Rogers, Dr. John

, an English divine, was born in 1679, at Ensham in Oxfordshire, where his father was vicar and rector of Wick-Rissington, in Gloucestershire. He was educated at New college school, in Oxford; and, in 1693, elected scholar of Corpus Christi college. After taking the degrees in arts, and entering into orders, he waited a long time for a fellowship, by reason of the slowsuccession in the college; but at length succeeded Mr, | Edmund Chishull, in 1706, but in the mean time had becti presented to the vicarage of Buchland, in Berkshire, about ten miles from Oxford, in which he continued about five or six years, dividing his’ time usefully between his cure and the university. At the former he became so popular, that the inhabitants entered into a handsome subscription for an afternoon sermon by him, which was discontinued after he left them. Jn 1710, be took a bachelor of divinity’s degree; and, two years after, went to London, to be lecturer of St. Clement’s Danes. He afterwards became lecturer of the united parishes of Christ-church, and St. Leonard’s Foster-lane. In 1716, he was presented to the rectory of Wrington, in Somersetshire; and, the same year, resigning his fellowship, married the hon. Mrs. Lydia Hare, sister to the lord Colerane, who was his pupil in the university. Some time after, he was elected canon residentiary of the church of Wells; in which he also bore the office of sub-dean. In 1719, he engaged in the Bangorian controversy, and published, upon that occasion, “A Discourse of the visible and invisible Church of Christ: in which it is shewn, that the powers, claimed by the officers of the visible church, are not inconsistent with the supremacy of Christ as head, or with the rights and liberties of Christians, as members of the invisible church,” 8vo. The Rev. Dr. Sykes having published an “Answer to this Discourse,” our author replied to him in “A Review of the Discourse of the visible and invisible Church of Christ.

He gained much credit by these performances, even those who were against his argument allowing him to have good parts and an excellent pen; and the university of Oxford made a public acknowledgment of their opinion of his merit, by conferring on him, in 1721, without his knowledge, and by diploma, the 'degree of doctor in divinity. In 1726, he was made chaplain to George II. then prince of Wales and about the same time appeared in defence of Christianity, against the attacks of Collins in his “Scheme of Literal Prophecy.” Rogers did not at, first professedly write against the “Scheme;” but, publiihing, in 1727, a volume of sermons, entitled “The necessity of Divine Revelation, and the truth of the Christian Religion, asserted,” he prefixed to them “A Preface with Remarks on the Scheme of Literal Prophecy.” This preface, however, in the opinion of his friends, seemed Kable to some exception, or at least to demand a more full | and distinct explication: and he received a letter upon it the same year from his friend Dr. Nath. Marshall. He endeavoured to give satisfaction to all; and therefore, Collins having written “A Letter to the Rev. Dr. Rogers, on occasion of his eight Sermons concerning the necessity of Divine Revelation, and the Preface prefixed to them,” our author published “A Vindication of the Civil Establishment of Religion, wherein some positions of Mr. Chandler, the author of the l Literal Scheme, 7 &c. and an aiionymo-us Letter on that subject, are occasionally considered. With an Appendix, containing a Letter from the Rev. Dr. Marshall, and an Answer to the same,1723, 8vo.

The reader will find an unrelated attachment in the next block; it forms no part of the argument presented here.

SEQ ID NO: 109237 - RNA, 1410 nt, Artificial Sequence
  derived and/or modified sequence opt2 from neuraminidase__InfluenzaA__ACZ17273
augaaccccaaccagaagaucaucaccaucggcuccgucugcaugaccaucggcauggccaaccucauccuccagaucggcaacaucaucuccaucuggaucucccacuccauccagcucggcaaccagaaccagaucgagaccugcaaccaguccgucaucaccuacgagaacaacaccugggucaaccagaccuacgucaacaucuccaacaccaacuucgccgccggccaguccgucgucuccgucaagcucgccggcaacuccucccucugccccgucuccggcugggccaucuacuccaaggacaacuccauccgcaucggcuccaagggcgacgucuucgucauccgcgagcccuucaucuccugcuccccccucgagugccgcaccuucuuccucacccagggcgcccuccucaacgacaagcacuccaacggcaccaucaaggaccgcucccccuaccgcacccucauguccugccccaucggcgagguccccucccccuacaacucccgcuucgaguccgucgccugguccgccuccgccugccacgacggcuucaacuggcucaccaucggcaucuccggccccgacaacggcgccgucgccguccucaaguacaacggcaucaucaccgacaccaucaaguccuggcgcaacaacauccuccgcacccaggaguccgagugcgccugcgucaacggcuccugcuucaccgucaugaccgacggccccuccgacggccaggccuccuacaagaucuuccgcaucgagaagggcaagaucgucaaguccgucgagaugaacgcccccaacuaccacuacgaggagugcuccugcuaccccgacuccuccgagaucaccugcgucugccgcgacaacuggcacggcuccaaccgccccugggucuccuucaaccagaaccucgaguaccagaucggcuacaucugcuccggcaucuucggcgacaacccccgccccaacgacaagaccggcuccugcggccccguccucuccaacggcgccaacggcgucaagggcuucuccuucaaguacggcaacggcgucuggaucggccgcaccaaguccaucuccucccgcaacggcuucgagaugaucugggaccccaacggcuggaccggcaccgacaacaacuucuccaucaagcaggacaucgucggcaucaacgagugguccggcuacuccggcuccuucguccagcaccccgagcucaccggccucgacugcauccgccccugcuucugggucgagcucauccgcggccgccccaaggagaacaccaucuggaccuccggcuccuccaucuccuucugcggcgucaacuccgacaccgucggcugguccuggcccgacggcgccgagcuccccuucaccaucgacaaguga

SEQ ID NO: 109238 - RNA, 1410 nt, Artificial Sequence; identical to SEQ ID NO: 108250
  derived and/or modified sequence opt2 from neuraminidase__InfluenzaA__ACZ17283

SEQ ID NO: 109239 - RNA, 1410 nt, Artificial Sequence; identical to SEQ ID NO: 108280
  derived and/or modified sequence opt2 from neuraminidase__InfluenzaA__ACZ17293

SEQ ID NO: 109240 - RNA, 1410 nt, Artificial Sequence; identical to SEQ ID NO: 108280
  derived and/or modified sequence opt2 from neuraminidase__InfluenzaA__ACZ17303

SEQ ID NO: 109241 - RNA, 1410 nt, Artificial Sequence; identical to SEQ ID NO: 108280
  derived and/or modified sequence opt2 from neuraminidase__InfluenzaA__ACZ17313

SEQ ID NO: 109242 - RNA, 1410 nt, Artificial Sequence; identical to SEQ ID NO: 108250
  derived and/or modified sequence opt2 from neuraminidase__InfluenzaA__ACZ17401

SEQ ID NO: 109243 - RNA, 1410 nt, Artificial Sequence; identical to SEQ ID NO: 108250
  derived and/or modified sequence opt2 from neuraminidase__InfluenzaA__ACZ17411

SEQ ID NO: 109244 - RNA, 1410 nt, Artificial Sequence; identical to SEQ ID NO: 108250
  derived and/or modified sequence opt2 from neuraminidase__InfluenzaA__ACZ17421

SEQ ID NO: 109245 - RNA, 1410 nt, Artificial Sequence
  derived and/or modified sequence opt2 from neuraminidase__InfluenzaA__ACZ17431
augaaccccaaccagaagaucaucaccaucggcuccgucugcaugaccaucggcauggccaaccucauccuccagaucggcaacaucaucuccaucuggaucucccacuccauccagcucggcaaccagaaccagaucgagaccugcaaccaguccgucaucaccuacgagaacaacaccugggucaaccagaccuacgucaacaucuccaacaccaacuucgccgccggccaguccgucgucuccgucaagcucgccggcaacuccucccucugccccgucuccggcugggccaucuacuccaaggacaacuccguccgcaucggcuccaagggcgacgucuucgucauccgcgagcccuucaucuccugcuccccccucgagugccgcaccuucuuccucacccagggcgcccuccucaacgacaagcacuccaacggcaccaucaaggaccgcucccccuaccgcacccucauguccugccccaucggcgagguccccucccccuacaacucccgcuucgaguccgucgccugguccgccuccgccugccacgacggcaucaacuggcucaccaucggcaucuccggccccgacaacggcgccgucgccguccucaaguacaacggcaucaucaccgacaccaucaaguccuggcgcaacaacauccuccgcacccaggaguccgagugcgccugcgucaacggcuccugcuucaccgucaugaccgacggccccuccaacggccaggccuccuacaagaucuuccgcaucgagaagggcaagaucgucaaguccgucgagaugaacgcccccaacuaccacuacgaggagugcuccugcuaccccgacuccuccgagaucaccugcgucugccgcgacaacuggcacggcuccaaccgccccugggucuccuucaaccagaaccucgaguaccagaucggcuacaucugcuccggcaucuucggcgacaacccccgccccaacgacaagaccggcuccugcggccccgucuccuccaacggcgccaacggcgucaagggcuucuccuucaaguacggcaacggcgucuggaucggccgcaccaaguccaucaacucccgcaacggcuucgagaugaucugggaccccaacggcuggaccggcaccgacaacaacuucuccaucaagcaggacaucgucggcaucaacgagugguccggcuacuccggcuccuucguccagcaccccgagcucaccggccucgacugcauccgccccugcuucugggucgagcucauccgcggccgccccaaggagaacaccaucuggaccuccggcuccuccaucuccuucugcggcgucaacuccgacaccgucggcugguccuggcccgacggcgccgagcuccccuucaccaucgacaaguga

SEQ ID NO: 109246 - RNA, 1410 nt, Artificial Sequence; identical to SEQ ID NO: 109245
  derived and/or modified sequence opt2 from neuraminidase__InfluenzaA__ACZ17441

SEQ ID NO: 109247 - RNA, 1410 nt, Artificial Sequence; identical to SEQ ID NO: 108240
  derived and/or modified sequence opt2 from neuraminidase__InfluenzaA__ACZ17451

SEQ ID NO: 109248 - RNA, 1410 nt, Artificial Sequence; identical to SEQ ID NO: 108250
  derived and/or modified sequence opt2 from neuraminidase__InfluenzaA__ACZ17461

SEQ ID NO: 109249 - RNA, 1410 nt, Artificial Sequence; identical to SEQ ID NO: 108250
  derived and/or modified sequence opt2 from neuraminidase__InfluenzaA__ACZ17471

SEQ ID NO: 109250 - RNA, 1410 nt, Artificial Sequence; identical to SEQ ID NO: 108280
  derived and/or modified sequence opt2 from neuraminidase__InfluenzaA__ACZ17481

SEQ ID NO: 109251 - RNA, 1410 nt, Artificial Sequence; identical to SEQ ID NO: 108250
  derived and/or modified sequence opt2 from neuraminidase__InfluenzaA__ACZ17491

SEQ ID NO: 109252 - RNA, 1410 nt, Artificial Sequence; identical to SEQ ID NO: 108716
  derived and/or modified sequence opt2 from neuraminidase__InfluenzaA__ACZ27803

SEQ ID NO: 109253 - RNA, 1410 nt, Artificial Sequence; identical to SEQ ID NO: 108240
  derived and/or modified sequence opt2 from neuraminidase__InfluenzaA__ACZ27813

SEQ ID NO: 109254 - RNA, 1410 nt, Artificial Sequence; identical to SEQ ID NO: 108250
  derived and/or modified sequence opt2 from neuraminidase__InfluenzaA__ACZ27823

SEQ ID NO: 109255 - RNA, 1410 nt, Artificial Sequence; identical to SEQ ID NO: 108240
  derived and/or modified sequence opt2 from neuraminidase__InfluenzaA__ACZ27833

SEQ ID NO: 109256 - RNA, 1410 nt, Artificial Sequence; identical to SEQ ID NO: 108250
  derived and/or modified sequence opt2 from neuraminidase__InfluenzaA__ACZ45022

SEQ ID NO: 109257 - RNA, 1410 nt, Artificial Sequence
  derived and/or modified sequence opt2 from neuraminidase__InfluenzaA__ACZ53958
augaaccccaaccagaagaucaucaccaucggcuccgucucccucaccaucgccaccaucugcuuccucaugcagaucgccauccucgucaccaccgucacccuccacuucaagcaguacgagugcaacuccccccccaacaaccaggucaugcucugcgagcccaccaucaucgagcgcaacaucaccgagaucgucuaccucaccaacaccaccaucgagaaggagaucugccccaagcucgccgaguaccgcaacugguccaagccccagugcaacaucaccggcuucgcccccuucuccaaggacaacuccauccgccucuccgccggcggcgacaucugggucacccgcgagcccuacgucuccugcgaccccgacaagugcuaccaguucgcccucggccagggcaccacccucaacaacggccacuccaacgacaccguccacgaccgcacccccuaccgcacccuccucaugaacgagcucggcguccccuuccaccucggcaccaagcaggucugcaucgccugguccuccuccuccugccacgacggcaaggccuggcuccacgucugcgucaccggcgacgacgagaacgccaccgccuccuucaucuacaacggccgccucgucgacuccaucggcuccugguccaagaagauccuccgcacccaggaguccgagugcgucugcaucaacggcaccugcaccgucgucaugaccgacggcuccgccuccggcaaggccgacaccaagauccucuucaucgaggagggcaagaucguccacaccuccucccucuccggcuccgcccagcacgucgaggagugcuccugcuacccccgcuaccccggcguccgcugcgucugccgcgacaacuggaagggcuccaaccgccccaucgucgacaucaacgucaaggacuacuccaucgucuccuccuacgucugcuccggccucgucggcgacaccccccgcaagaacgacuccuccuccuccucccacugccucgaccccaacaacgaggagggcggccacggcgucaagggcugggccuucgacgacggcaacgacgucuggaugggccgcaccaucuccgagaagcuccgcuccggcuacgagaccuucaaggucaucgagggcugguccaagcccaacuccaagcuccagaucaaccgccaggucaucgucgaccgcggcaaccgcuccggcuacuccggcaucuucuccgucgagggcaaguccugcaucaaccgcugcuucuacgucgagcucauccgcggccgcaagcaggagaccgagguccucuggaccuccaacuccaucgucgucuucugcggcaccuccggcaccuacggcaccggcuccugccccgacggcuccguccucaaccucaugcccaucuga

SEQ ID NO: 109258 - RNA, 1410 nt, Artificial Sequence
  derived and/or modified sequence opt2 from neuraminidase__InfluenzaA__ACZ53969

The same year, 1726, having resigned his lecture of St. Clement’s Danes, he retired from London, with an intention to spend the remainder of his life in the country, chiefly at Wrington: but he had not been there long, when he received an offer, from the dean and chapter of St. Paul’s, of the vicarage of St. Giles’s Cripplegate, in London. Be was instituted to it, Oct. 1728, but with the greatest anxiety and reluctance; for he had set his heart upon the country, and was then, as he had always been from hi youth, remarkably fond of rural exercises and diversions. He did not enjoy his new preferment above six months; for he died May 1, 1729, in his fiftieth year. He was buried in the parish church of Ensham, where a handsome monument is erected to his memory: his funeral sermon was preached by Dr. Marshall. After his decease, some volumes of his sermons were published and two tracts, viz. “Reasons against Conversion to the Church of Rome,” and “A Persuasive to Conformity addressed to Dissenters,” never before printed.

Dr. Rogers was a man of good abilities, and an excellent writer, though no profound scholar, nor ambitious of being thought one. He neither collected nor read many books; being persuaded, that a few well chosen, and read to good purpose, serve infinitely more to edification, if not so much to ostentation and parade. We are told, that the judicious Hooker and the ingenious Mr. Norris were his favourites; and that he was particularly conversant in their writings. 1


Life by Dr. Burton prefixed to his Sermons. Biog. Brit.